Advertisement

Original Recipe

Cayambe Heats Up Traditional Andean Music With Flamenco and Caribbean Flavors

March 14, 1998|JOHN ROOS | SPECIAL TO THE TIMES

Formed just seven months ago, the L.A.-based folk quartet Cayambe, which makes its Orange County debut today in San Juan Capistrano, has already taken big strides in establishing a unique identity. Besides making itself heard through selected live performances, Cayambe has self-released an album ("Influences") of folk-based originals and standards and is in the studio recording a follow-up ("Favorites").

The group's ethereal, often haunting instrumentals call attention to the playing of Jhon Mosquera, who specializes in traditional Andean wind instruments, including the quena and quenacho (bamboo flutes) and zampon~a (panpipes.) What makes the group unusual is its fusing of traditional Andean music with contemporary flamenco and Caribbean flavorings.

"When we perform live, everyone seems drawn to the Andean flute," bass player Glen Mont said by phone from his Encino home. "It has this kind of organic yet exotic, mysterious quality and sound. But we're unusual because we use these rootsy instruments in spicy Latin styles where they're normally not found, like salsa, cumbia, rumba, bossa nova and flamenco.

"I think Latin and Andean music make for a good mix because both are rich in tradition and reflect the culture and character of its people, who are somewhat spiritual, sensual and earthy. They care more about a way of life and less about popular trends."

The band members' diverse backgrounds and experiences allow Cayambe, which was named after a volcano in the Andes of Pichincha, Ecuador, to pursue a wide-ranging repertoire of material. Represented on "Influences" are Andean traditionals ("El Pituco"), modern-sounding, Latin-tinged originals ("Zambo Dario," "Choro Para Duillio") and a pop cover (Daniel Robles' "El Condor Pasa," a 1970 hit for Simon & Garfunkel).

*

As a child, California-native Mont listened to his parents' and grandparents' collections of flamenco records. He played Spanish and nylon-stringed guitars before switching to the bass in junior high. He has worked in the studio as both musician and producer and has played with the L.A.-based groups Samba West and Kashwa.

Drummer Tony Shogren, Mont's rhythm partner in Cayambe, studied South American pop and musica folklorica in Peru and has played in the Latin groups Katia Morales and Brasil Nuts. Ecuadorean-born flutist Mosquera came to the United States in 1993 and for several years performed alongside Mont in Kashwa. He's also done studio work and contributed to numerous television and film scores. Rounding out the group is guitarist Federico "Freddie" Ramos, an Uruguay native who has studied at the Real Conservatorio de Madrid, Boston's Berklee School of Music and the Guitar Institute of Technology in Los Angeles. He also teaches and lectures on jazz and flamenco guitar.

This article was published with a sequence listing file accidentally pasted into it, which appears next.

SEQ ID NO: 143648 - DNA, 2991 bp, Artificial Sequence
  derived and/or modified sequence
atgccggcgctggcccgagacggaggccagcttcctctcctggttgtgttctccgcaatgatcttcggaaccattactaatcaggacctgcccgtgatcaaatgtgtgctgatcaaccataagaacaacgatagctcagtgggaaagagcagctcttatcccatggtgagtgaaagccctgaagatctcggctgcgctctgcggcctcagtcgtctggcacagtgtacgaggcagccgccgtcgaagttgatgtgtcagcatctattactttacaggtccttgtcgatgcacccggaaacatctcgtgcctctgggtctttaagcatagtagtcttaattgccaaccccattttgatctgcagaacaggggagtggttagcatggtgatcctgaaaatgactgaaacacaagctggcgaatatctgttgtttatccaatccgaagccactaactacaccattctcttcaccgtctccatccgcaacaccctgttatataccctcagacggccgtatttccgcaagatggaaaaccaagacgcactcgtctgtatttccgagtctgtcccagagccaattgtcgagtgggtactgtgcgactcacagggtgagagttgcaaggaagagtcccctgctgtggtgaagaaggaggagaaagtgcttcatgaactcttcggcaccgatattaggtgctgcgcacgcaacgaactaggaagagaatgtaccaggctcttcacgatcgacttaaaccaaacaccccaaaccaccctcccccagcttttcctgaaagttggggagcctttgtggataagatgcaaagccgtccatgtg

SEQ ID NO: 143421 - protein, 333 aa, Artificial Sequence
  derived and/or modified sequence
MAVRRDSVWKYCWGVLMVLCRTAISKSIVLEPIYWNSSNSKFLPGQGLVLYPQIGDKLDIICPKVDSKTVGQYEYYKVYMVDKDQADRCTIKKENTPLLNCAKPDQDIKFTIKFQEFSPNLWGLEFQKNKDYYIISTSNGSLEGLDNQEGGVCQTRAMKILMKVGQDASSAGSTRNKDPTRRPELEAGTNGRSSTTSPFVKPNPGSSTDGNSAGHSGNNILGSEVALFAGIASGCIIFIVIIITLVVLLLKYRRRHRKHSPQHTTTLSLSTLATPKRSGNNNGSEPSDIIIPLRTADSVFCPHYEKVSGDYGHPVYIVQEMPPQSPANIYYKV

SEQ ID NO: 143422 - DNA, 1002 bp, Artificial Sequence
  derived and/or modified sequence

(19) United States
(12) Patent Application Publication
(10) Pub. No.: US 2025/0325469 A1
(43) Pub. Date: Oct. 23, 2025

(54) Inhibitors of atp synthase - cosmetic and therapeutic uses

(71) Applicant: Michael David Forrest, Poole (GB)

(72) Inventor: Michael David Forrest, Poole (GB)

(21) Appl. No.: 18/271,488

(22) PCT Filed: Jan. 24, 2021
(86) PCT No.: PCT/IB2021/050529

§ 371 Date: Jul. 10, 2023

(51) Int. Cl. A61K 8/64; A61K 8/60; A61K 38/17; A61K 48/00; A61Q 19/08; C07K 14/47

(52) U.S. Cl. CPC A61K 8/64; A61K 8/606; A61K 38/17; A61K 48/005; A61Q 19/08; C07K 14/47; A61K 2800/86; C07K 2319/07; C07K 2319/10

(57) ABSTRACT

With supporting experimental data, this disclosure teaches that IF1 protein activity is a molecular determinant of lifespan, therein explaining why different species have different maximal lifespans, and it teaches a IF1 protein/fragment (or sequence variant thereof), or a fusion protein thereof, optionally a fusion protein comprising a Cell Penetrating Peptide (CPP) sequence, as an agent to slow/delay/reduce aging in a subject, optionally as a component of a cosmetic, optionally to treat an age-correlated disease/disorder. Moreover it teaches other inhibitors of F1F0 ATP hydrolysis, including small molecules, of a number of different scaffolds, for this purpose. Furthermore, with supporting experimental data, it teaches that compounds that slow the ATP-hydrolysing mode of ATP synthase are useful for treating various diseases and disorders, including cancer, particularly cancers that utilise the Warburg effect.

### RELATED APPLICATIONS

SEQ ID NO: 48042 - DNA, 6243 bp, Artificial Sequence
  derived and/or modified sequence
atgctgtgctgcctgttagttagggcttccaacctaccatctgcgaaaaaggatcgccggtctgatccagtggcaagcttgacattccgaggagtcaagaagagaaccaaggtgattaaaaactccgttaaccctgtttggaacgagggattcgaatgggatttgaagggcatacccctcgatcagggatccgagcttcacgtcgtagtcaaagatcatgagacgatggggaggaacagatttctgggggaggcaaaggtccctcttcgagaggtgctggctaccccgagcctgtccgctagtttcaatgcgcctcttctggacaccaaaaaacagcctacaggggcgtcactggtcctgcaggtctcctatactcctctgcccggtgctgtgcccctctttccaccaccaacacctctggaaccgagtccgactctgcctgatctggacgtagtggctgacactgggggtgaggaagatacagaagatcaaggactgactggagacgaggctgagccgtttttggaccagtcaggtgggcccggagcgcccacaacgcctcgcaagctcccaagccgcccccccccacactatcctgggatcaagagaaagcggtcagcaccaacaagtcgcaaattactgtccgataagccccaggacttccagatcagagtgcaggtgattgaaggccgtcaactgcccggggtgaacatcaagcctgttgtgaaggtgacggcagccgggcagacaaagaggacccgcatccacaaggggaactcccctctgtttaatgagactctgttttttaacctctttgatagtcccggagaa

In joining forces, these musicians look to expand the parameters of Andean folk music as well as broaden its audience. According to Mont, Cayambe's "Favorites," due out next month, is the ideal vehicle for that.

"We're taking some songs that are American pop and film standards--like the themes from 'Zorba the Greek' and 'West Side Story,' and the Beatles' 'Eleanor Rigby'-- and coloring them in our own way," he said. "We salsa-them-up by merging the Andean flute, flamenco guitar, percolating rhythms . . . creating a full-blown orchestra of another kind.

"At the same time, these are popular songs with very recognizable melodies that are just being done in Andean and Latin styles. This music is not [inaccessible] like some forms of extemporaneous jazz. It's very relatable. . . . I think that's why you'll see such an ethnically diverse mixture of young and old, men and women at our performances. Our music is for everyone."

Mont says he loves stretching musical boundaries, but his greatest pleasure comes from the spontaneity onstage. The group rehearses the basic form of each tune, but there's the freedom to improvise live--often on the fly.

"I really enjoy the communication I have with the rest of these guys," he said. "It's unspoken, but it's like we're talking to each other just the same. Sometimes it all happens in a second, like if someone is soloing and wishes to continue, there's a musical cue to indicate he'll continue playing for another 16 bars, or whatever. We're very close-knit."

* Cayambe plays today at the San Juan Capistrano Regional Library, 31495 El Camino Real. 7 and 9 p.m. $3-$6. (714) 248-7469.

Advertisement
Los Angeles Times Articles
|
|
|